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You are to write a 4-6 page “member profile” of a Member of Congress (either a Representative or a Senator) and the district they represent. You may choose any member you wish – your home Congressperson, someone you’re interested in learning more about... it’s your call.
Your profile does not have to follow a set format. However, it should deal with the following broad topics:
• A description of the district (which for Senators will be a state), giving
relevant demographic, geographical, economic, sociological, and political
characteristics. What is the nature of the constituency? What
are the district’s major employers and types of industries? What
is the political history of the district (i.e., does it ‘lean Republican’,
is it ‘solidly Democratic’ – does it
vote for presidential candidates of the same party as its Member of Congress?)
• The current incumbent’s relevant personal and political background (think about factors like age, place of birth, hometown, education, military career, occupation(s), family, religion, prior offices, length of service...)
• The member’s recent electoral history (any primary opponents? Any tough races? What do these imply for his/her relationship to the district?), fund-raising success, and the like (where does s/he get funding? Any particular interest groups, for example? Does s/he take PAC money?)
• The member’s ideological orientation, as measured by interest group ratings such as the Americans for Democratic Action (ADA), League of Conservative Voters (LCV), and others. Include a discussion of recent party unity and presidential support scores. (If the member is a freshman, how did his/her predecessor vote? How is the new member different, or similar?)
• The member’s committee, subcommittee, and leadership assignments. Why do you think the member chose service on these committees?
• The issue areas the member concentrates on. What type of legislation has s/he introduced or co-sponsored? Why were these issues chosen for emphasis?
• Pull all this together: how do these sets of things interact?
That is, how does the incumbent’s background and voting record reflect,
or not reflect, the district s/he represents? Is this a “good fit”?
How does the member try to represent him or her-self to the district – what
image does s/he try to present (e.g., through his/her official webpage,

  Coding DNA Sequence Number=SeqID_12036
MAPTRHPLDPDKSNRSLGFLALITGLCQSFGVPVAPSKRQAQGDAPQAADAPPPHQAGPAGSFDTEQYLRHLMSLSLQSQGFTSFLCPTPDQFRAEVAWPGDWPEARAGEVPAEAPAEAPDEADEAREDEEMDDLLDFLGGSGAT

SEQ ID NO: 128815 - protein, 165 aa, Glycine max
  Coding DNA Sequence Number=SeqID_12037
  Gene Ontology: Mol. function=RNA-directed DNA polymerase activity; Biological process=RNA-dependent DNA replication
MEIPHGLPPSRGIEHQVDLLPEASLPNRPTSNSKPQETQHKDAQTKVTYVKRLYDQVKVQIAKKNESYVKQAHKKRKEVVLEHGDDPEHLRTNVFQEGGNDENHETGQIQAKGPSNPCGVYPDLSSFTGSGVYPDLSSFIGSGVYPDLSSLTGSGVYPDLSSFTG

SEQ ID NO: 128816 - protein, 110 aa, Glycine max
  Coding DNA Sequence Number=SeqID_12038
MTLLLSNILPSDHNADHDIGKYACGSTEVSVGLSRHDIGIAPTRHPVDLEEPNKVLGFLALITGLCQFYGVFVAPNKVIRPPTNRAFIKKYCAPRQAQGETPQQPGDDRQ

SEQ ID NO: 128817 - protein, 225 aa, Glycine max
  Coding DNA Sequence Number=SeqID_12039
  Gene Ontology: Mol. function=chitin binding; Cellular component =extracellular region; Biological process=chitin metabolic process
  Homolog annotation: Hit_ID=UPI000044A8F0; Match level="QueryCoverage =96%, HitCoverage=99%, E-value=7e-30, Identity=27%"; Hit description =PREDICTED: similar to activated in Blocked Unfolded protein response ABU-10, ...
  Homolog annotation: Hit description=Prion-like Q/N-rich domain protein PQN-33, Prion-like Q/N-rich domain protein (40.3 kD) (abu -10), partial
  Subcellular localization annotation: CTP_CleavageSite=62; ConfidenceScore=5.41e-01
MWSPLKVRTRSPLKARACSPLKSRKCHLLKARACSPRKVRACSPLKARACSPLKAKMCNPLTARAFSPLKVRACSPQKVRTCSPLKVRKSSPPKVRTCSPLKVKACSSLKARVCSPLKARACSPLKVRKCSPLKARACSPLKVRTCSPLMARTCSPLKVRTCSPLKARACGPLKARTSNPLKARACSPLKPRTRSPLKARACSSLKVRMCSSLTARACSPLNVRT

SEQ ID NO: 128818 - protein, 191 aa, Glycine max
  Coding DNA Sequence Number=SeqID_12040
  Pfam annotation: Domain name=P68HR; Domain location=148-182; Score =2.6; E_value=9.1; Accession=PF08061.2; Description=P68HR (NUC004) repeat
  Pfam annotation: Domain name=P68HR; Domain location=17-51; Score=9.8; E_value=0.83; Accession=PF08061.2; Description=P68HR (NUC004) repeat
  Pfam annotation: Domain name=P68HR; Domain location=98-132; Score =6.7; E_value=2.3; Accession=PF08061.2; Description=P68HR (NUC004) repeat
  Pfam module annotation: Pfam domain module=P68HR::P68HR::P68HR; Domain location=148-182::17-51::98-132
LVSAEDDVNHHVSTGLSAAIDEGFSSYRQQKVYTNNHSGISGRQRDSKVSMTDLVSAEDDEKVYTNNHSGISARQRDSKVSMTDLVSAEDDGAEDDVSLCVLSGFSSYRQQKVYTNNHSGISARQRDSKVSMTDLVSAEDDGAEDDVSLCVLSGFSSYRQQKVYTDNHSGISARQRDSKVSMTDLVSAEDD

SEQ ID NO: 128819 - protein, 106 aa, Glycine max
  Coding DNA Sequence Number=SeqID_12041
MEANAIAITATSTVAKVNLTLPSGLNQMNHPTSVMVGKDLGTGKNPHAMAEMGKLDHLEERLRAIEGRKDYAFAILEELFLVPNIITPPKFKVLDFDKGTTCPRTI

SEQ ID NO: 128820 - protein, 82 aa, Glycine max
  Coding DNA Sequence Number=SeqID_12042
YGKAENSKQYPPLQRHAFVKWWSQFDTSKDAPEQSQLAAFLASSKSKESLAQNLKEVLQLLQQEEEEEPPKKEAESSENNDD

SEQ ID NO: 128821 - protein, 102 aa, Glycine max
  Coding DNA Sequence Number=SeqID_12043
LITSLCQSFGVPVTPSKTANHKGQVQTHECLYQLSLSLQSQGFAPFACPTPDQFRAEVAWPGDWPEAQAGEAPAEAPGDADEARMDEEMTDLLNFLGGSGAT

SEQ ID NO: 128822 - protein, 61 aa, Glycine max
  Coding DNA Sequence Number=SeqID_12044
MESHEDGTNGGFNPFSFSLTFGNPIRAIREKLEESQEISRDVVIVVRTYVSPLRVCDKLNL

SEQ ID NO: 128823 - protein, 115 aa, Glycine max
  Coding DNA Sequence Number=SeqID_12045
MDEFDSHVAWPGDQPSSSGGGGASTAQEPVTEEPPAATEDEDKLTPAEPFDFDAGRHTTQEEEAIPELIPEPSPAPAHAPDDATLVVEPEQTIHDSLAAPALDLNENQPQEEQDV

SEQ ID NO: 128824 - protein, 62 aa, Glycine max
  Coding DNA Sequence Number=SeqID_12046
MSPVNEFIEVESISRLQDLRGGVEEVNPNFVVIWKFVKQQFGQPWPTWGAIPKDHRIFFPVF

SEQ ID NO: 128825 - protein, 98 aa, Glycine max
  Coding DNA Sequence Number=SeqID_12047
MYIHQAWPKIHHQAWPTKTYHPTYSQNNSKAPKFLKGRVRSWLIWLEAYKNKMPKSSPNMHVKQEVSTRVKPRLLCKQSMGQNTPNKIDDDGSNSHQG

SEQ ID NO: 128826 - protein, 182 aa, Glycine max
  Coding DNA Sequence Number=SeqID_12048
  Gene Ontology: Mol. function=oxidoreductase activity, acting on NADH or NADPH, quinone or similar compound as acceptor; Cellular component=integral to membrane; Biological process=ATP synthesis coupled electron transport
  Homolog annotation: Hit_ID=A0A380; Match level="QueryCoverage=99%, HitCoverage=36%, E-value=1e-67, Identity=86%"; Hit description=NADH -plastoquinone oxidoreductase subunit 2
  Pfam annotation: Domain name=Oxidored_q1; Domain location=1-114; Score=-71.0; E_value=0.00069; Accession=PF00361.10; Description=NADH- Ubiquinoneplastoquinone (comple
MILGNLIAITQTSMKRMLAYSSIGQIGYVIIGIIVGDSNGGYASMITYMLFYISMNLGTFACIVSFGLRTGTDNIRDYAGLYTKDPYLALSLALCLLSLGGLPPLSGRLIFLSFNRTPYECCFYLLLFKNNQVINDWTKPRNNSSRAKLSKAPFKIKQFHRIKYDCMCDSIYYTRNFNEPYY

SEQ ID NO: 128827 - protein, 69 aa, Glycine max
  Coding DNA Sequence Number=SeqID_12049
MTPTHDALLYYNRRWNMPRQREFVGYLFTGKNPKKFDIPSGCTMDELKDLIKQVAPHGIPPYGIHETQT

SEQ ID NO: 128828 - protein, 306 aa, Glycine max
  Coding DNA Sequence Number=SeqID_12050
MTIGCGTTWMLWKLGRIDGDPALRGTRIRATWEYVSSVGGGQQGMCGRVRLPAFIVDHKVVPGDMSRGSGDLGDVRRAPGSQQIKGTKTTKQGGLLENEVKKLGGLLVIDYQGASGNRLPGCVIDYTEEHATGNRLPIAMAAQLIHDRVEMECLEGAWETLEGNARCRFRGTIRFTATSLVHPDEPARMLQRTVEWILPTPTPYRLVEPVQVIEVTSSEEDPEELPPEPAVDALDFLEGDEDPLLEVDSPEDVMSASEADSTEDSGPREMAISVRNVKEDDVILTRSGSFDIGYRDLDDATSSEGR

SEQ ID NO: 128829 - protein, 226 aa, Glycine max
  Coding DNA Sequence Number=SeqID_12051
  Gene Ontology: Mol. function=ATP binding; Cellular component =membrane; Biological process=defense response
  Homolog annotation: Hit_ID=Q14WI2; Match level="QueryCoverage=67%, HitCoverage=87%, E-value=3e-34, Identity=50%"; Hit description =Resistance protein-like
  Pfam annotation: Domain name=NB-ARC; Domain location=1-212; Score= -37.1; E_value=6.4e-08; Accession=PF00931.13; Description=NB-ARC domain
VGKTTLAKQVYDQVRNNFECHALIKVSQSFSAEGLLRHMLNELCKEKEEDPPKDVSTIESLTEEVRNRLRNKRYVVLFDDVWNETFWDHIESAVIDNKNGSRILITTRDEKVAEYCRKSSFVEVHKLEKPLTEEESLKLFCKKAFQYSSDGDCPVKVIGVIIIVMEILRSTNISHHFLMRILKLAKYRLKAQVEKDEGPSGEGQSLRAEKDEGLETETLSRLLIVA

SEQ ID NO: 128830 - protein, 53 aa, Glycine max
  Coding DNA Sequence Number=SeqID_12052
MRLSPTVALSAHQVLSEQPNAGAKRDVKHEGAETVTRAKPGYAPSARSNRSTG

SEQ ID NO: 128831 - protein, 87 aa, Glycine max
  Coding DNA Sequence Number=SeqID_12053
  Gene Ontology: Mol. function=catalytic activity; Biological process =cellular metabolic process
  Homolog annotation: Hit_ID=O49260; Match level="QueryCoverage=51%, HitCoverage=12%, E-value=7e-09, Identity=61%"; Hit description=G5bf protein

or mailings; how many district offices; what are his/her staff assigned to
Flowing from this, consider the member’s future. Does s/he represent a safe or marginal seat? Why? Will the member likely stay in Congress for a long time, or not? What other offices might the member be interested in seeking? This is clearly guesswork, but make it informed guesswork to the extent possible.
Some suggestions on sourcing...
Essential sources include current and past editions of The Almanac
of American Politics and
Politics in America. Start there. Also consider the Congressional Quarterly [CQ] Weekly Report,
the CQ Almanac, the current issue of the Congressional Staff Directory, and various references like
Congressional Districts in the 1990s and Elections in America. A wealth of information is also
available on-line, starting with the members’ own homepages (usually through the House and Senate sites). Keep in mind that district newspapers may be available on-line (either directly or via Lexis-Nexis).
The U.S. Census Bureau is another
good source of demographic information.
Project Vote-Smart contains some issue-oriented information. A huge
number of election-oriented links can be found at
http://www.american.edu/dlublin/old/sites/election.htm (among others, the “Record of American
Democracy” site linked through there might be of interest); campaign finance information is
available through the Federal Election Commission and the “Open Secrets” organization.
Again, the assignment is due September 27, at the start of class.